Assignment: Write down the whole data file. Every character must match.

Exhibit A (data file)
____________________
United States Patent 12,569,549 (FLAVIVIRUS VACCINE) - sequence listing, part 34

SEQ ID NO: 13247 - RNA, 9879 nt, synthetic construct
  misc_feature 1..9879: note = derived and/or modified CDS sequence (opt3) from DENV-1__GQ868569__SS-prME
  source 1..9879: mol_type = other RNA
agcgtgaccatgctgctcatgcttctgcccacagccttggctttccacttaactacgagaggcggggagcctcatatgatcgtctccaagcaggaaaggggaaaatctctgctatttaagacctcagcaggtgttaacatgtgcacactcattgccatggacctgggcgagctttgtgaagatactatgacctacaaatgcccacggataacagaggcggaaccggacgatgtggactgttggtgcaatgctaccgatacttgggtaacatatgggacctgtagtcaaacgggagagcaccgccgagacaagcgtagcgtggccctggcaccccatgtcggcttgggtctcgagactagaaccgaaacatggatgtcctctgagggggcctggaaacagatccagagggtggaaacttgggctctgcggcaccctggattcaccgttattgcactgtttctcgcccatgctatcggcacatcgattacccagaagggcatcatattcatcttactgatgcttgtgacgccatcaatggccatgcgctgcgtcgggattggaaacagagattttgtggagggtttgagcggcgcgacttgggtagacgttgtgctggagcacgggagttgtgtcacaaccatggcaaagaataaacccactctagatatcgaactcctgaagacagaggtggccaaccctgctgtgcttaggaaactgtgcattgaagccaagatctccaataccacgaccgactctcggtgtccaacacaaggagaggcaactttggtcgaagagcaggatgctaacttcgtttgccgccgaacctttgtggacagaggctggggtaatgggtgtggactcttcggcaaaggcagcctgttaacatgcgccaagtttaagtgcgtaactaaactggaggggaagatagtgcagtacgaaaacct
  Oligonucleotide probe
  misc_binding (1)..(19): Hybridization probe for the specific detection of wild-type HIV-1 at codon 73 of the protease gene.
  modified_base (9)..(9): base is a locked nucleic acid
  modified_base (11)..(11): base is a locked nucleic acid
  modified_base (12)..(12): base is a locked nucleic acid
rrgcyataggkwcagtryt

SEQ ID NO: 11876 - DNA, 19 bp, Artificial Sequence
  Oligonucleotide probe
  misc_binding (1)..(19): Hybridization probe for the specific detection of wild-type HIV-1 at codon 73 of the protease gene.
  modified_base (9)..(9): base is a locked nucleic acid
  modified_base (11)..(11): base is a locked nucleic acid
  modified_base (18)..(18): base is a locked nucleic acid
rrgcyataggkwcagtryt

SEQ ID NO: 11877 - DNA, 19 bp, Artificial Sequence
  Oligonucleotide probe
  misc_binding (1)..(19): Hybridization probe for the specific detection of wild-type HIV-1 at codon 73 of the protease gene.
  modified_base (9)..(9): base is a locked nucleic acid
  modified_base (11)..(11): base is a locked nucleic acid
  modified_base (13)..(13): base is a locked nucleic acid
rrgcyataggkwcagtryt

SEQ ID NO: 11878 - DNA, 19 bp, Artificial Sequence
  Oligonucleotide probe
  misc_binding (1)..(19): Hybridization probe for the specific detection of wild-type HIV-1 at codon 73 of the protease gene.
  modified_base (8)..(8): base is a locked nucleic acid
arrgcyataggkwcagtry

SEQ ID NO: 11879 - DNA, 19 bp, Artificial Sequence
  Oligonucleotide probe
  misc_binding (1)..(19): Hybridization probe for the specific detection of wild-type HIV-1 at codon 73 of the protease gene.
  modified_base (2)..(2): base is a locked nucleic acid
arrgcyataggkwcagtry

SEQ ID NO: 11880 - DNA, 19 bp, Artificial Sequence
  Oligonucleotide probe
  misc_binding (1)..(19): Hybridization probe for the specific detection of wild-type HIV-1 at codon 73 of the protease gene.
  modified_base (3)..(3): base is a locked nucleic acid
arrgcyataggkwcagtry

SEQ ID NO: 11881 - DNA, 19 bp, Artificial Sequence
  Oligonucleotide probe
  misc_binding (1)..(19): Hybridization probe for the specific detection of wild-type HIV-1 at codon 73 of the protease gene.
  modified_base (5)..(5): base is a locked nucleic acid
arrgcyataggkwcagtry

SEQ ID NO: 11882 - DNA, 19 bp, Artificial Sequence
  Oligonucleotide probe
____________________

United States Patent 12,569,549 (FLAVIVIRUS VACCINE) - sequence listing, part 34

SEQ ID NO: 13247 - RNA, 9879 nt, synthetic construct
  misc_feature 1..9879: note = derived and/or modified CDS sequence (opt3) from DENV-1__GQ868569__SS-prME
  source 1..9879: mol_type = other RNA
agcgtgaccatgctgctcatgcttctgcccacagccttggctttccacttaactacgagaggcggggagcctcatatgatcgtctccaagcaggaaaggggaaaatctctgctatttaagacctcagcaggtgttaacatgtgcacactcattgccatggacctgggcgagctttgtgaagatactatgacctacaaatgcccacggataacagaggcggaaccggacgatgtggactgttggtgcaatgctaccgatacttgggtaacatatgggacctgtagtcaaacgggagagcaccgccgagacaagcgtagcgtggccctggcaccccatgtcggcttgggtctcgagactagaaccgaaacatggatgtcctctgagggggcctggaaacagatccagagggtggaaacttgggctctgcggcaccctggattcaccgttattgcactgtttctcgcccatgctatcggcacatcgattacccagaagggcatcatattcatcttactgatgcttgtgacgccatcaatggccatgcgctgcgtcgggattggaaacagagattttgtggagggtttgagcggcgcgacttgggtagacgttgtgctggagcacgggagttgtgtcacaaccatggcaaagaataaacccactctagatatcgaactcctgaagacagaggtggccaaccctgctgtgcttaggaaactgtgcattgaagccaagatctccaataccacgaccgactctcggtgtccaacacaaggagaggcaactttggtcgaagagcaggatgctaacttcgtttgccgccgaacctttgtggacagaggctggggtaatgggtgtggactcttcggcaaaggcagcctgttaacatgcgccaagtttaagtgcgtaactaaactggaggggaagatagtgcagtacgaaaacct
  Oligonucleotide probe
  misc_binding (1)..(19): Hybridization probe for the specific detection of wild-type HIV-1 at codon 73 of the protease gene.
  modified_base (9)..(9): base is a locked nucleic acid
  modified_base (11)..(11): base is a locked nucleic acid
  modified_base (12)..(12): base is a locked nucleic acid
rrgcyataggkwcagtryt

SEQ ID NO: 11876 - DNA, 19 bp, Artificial Sequence
  Oligonucleotide probe
  misc_binding (1)..(19): Hybridization probe for the specific detection of wild-type HIV-1 at codon 73 of the protease gene.
  modified_base (9)..(9): base is a locked nucleic acid
  modified_base (11)..(11): base is a locked nucleic acid
  modified_base (18)..(18): base is a locked nucleic acid
rrgcyataggkwcagtryt

SEQ ID NO: 11877 - DNA, 19 bp, Artificial Sequence
  Oligonucleotide probe
  misc_binding (1)..(19): Hybridization probe for the specific detection of wild-type HIV-1 at codon 73 of the protease gene.
  modified_base (9)..(9): base is a locked nucleic acid
  modified_base (11)..(11): base is a locked nucleic acid
  modified_base (13)..(13): base is a locked nucleic acid
rrgcyataggkwcagtryt

SEQ ID NO: 11878 - DNA, 19 bp, Artificial Sequence
  Oligonucleotide probe
  misc_binding (1)..(19): Hybridization probe for the specific detection of wild-type HIV-1 at codon 73 of the protease gene.
  modified_base (8)..(8): base is a locked nucleic acid
arrgcyataggkwcagtry

SEQ ID NO: 11879 - DNA, 19 bp, Artificial Sequence
  Oligonucleotide probe
  misc_binding (1)..(19): Hybridization probe for the specific detection of wild-type HIV-1 at codon 73 of the protease gene.
  modified_base (2)..(2): base is a locked nucleic acid
arrgcyataggkwcagtry

SEQ ID NO: 11880 - DNA, 19 bp, Artificial Sequence
  Oligonucleotide probe
  misc_binding (1)..(19): Hybridization probe for the specific detection of wild-type HIV-1 at codon 73 of the protease gene.
  modified_base (3)..(3): base is a locked nucleic acid
arrgcyataggkwcagtry

SEQ ID NO: 11881 - DNA, 19 bp, Artificial Sequence
  Oligonucleotide probe
  misc_binding (1)..(19): Hybridization probe for the specific detection of wild-type HIV-1 at codon 73 of the protease gene.
  modified_base (5)..(5): base is a locked nucleic acid
arrgcyataggkwcagtry

SEQ ID NO: 11882 - DNA, 19 bp, Artificial Sequence
  Oligonucleotide probe